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Mobo tradecraft

It takes more than just owning a device to enter the world of the mobo.

For the first week after purchasing my Droid, I had it out rather smugly at every occasion, as if it were a portal into a time-space wormhole.  It’s a handsome device to start out with, and just holding it gave me a feeling of being in the know.  I got looks, you know, and nods.

But  I found out the hard way that I was a long way from Kansas.  I could barely master the basics.  Like holding the dang thing.  To be a true mobo, I was convinced, you had to master the skills.  By skills, I mean mobo tradecraft, a variety of skills that center around the device and its use under different situations.  It’s not merely texting and surfing that sets a mobo apart from the riffraff of other users, he (or she) has mastered these skills to the extent they fit seamlessly into their daily lives.

But it’s actually more than that.

It’s analogous to samurais of olden times.  Just because some guy in a bath robe has some cool-looking swords and a cheap haircut from a local barber college, he is not necessarily a samurai.  He has not mastered the fundamentals of a samurai, its sword play, its philosophy of life, its approach to strategy, its code of honor.   He may be an imposter or a samurai wannabe.

It was clear to me, sitting in those darkened theaters, following the heroes of my early years, that you could tell who was a samurai and who wasn’t.  And just by the way they looked at would-be enemies or how they ate their rice, you could tell who was really exceptional.  Only after devoting himself, could such a person call himself a true samurai.

So too, mobos had to master the skills and a mindset; he had to prepare for a range of situations he is likely to run into as he lives the mobile life.

If my episode with the runaway Droid did not convince me, I also found out that simple tasks, like finding my way around in a foreign part of town, could be impossible.  Just six blocks away, in the warehouse distinct, I found myself lost and without my bearings.  Usually I have a good sense of where I am and where I’m going.  But along these streets I was suddenly lost.  The railroad track interrupted the logic of the streets, so the north-south roads suddenly warped into one-way frontage roads.  So, I pulled into a vacant lot and set out by foot, my trusty Droid switched into Google Maps.   But I didn’t know exactly how to use it, to be honest.  And trying to learn on the fly was frustrating.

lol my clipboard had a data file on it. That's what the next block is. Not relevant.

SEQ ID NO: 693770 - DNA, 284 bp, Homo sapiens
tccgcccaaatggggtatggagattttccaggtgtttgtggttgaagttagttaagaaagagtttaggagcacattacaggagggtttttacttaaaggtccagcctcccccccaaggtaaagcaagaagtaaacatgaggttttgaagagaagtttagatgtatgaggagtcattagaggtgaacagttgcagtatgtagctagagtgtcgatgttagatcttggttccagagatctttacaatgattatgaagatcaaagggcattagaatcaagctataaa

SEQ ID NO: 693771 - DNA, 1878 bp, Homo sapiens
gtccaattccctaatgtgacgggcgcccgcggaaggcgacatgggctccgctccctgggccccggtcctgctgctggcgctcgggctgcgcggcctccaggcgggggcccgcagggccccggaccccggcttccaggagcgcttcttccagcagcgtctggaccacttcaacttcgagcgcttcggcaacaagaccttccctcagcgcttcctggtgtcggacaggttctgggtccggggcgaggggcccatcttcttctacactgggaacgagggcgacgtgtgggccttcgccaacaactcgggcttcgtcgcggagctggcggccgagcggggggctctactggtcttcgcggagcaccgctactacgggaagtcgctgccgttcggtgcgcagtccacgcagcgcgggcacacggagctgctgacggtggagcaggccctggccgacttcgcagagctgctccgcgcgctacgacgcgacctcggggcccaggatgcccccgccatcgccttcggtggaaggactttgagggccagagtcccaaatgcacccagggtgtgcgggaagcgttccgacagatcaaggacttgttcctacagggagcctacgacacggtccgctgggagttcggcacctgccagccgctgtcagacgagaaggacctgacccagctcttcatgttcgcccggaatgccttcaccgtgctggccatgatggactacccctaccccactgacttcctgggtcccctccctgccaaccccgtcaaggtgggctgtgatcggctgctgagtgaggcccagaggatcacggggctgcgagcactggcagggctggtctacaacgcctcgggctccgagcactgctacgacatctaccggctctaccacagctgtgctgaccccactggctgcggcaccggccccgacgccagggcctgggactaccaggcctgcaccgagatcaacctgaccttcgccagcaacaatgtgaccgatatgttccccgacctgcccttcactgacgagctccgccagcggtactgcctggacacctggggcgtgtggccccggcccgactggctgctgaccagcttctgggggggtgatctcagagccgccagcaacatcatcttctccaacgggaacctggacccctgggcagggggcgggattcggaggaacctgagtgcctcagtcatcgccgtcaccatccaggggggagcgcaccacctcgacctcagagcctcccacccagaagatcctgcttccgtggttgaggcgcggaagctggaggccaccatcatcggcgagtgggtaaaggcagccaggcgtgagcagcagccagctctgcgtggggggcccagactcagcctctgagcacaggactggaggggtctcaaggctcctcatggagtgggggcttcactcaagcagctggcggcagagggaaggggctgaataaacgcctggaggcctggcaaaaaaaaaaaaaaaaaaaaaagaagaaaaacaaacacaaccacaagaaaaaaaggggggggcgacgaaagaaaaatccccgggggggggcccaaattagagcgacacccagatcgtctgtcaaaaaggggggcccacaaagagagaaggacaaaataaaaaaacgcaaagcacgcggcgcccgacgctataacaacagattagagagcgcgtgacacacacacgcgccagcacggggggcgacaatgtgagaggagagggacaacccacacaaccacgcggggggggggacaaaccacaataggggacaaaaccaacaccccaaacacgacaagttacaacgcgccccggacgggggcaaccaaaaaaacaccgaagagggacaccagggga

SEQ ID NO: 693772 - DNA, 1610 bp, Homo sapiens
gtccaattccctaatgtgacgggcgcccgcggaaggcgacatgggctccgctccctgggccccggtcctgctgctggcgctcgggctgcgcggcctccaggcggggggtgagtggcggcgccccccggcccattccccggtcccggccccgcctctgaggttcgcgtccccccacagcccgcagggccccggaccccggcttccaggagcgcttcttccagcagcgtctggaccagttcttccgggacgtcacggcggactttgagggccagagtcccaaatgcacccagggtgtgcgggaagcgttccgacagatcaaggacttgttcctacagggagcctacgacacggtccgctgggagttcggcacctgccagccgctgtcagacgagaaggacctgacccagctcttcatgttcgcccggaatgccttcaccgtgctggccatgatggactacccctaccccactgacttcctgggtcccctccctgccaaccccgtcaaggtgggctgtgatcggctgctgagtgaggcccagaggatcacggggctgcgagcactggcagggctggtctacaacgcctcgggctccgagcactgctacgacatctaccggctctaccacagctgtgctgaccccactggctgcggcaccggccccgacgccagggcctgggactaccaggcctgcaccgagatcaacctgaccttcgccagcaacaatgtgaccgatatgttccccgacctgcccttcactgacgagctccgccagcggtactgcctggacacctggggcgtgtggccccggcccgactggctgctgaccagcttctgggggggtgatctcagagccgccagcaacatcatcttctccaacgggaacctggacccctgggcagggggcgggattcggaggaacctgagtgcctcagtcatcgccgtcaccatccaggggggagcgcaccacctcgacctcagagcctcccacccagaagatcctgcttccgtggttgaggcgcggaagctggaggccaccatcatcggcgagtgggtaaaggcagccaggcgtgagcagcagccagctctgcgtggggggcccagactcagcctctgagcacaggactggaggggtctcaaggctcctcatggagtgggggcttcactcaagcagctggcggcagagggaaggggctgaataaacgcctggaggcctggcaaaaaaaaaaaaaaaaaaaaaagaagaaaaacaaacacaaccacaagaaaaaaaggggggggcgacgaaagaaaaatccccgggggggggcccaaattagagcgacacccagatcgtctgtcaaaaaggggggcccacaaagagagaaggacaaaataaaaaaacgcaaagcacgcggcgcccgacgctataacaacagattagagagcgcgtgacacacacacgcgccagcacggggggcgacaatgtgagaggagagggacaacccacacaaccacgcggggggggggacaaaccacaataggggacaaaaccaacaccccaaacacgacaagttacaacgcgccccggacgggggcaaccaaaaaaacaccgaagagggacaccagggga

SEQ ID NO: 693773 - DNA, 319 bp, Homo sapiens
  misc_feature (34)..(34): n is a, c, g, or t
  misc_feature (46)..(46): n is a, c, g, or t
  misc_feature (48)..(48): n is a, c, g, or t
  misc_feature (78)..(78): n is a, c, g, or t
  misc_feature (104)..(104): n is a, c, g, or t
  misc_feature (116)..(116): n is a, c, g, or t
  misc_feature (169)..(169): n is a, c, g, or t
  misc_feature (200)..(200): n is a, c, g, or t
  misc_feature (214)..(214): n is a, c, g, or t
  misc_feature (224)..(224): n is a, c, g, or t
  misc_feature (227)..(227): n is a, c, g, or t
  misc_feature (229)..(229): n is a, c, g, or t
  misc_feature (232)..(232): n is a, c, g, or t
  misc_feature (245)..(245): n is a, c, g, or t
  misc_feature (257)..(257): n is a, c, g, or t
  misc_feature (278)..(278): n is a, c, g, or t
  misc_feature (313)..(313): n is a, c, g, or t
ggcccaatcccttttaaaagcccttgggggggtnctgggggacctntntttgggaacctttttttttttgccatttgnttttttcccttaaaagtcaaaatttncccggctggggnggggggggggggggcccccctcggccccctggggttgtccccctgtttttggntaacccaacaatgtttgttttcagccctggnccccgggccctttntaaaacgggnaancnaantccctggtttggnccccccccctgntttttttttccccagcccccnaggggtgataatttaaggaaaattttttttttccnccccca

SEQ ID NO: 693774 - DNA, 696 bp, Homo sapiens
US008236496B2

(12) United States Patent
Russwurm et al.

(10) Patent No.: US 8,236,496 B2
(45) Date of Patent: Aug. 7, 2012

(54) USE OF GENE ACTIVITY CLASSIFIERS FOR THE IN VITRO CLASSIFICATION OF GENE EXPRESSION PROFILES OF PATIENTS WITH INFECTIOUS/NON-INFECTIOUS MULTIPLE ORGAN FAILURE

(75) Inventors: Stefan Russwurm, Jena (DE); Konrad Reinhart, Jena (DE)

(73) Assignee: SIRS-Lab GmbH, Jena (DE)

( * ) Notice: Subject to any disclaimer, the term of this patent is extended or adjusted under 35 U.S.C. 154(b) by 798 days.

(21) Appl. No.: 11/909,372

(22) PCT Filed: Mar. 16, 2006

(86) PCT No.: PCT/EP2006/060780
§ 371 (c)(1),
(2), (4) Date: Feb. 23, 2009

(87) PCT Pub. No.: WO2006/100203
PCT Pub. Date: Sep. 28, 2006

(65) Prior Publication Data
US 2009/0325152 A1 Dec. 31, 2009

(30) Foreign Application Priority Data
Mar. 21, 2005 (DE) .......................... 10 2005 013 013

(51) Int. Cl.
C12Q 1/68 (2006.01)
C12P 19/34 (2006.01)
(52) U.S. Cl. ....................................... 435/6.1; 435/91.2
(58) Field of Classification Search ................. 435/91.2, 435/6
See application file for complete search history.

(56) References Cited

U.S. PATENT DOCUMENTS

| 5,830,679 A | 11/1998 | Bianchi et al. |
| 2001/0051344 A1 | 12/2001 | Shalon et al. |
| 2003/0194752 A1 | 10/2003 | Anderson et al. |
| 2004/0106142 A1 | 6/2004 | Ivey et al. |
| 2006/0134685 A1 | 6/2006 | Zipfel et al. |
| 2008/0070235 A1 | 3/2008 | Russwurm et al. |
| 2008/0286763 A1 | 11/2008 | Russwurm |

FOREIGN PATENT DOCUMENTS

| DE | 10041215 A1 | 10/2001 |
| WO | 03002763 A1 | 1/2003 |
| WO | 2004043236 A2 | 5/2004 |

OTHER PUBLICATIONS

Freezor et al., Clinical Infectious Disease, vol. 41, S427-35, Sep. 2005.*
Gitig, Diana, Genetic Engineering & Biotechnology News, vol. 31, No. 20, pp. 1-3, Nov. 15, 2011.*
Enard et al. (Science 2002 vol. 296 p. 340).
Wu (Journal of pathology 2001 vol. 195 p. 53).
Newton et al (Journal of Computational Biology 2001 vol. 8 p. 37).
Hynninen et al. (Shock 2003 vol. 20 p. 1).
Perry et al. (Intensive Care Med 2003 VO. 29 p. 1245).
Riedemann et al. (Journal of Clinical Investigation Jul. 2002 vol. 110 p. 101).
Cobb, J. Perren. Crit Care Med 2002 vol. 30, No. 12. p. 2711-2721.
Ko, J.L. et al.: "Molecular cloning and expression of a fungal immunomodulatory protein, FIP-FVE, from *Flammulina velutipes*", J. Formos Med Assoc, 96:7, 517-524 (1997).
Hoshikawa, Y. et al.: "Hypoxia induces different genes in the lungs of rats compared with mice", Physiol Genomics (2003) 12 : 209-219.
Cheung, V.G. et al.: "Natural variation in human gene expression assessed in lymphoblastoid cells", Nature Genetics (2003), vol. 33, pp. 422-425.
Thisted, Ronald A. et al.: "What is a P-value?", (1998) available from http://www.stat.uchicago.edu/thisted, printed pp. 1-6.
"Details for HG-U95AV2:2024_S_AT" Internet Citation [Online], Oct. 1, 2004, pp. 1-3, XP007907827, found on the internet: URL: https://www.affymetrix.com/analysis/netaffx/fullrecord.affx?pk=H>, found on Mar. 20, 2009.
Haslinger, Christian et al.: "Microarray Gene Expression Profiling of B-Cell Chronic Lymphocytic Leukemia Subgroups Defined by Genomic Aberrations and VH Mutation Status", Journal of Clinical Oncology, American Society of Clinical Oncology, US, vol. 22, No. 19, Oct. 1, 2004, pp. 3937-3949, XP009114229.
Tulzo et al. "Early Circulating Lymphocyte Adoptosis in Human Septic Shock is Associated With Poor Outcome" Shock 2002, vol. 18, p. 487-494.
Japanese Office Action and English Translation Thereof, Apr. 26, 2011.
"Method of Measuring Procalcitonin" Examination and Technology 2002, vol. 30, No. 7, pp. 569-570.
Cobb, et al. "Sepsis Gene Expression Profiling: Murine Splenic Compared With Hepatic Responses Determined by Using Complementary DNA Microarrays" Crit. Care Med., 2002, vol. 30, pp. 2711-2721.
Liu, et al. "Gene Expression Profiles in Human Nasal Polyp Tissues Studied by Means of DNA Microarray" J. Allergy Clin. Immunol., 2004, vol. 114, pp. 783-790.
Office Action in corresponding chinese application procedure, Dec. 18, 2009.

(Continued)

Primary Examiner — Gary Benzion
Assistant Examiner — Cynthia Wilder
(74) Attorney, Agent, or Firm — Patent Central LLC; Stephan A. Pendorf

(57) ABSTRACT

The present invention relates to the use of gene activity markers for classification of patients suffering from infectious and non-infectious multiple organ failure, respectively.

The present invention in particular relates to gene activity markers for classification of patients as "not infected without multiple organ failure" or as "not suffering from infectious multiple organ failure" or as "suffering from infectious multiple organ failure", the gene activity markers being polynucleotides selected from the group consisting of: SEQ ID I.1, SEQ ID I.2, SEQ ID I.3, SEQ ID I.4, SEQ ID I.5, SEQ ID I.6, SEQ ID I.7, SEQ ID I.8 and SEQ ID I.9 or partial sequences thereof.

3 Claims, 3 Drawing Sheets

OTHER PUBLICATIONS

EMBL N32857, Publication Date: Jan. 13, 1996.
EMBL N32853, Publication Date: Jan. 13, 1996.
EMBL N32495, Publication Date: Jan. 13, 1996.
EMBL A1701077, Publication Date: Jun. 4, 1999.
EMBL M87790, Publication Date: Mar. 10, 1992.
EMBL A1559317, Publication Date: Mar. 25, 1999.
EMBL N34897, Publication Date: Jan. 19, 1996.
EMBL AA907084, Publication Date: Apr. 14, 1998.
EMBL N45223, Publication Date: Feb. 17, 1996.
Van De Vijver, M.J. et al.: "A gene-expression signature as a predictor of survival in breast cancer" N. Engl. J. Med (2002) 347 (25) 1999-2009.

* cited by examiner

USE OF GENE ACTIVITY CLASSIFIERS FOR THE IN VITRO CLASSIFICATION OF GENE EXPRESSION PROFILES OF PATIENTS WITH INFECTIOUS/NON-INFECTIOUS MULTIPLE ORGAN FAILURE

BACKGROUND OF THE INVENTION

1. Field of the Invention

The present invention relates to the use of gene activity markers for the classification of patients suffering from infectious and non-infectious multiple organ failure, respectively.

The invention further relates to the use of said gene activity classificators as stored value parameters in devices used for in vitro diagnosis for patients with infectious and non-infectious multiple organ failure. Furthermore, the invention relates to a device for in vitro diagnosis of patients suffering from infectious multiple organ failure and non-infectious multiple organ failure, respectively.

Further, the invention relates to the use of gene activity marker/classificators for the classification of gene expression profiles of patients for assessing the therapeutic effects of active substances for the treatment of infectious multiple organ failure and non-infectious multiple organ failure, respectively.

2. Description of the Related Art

Part of my problem was that, as I moved from one side of the street to the other, was that I was not well versed in the technique of walking and typing.  This is a key skill in the mobo world, yet I was hopeless.  Apart from straying into a fence and stepping into something very slippery, I don’t remember much of anything.  I nearly walked into a truck backing away from his drop-off.  Lucky for me, the driver (who blasted his horn while leaning out of the side window with hands motioning nonstop)had seen it all, and simply in the end threw up his free hand Italian style, like I was a complete dufus.  Well, I should have known better.  I replied unapologetic in sign language that he should go screw himself.  But, in reality, I should have stopped walking, pulled aside in the shade and taken stock.  Or better yet, practice before I even went out the door. But, I was too much in a hurry.  (The story of my life.)

But the lesson I learned, and am constantly reminded of, is that practicing the mobo tradecraft is invaluable once you are out in the real world and must fend for yourself.  The phone becomes your life line in many situations.  When you are in new places, or with new people, the device can be a wealth of information.

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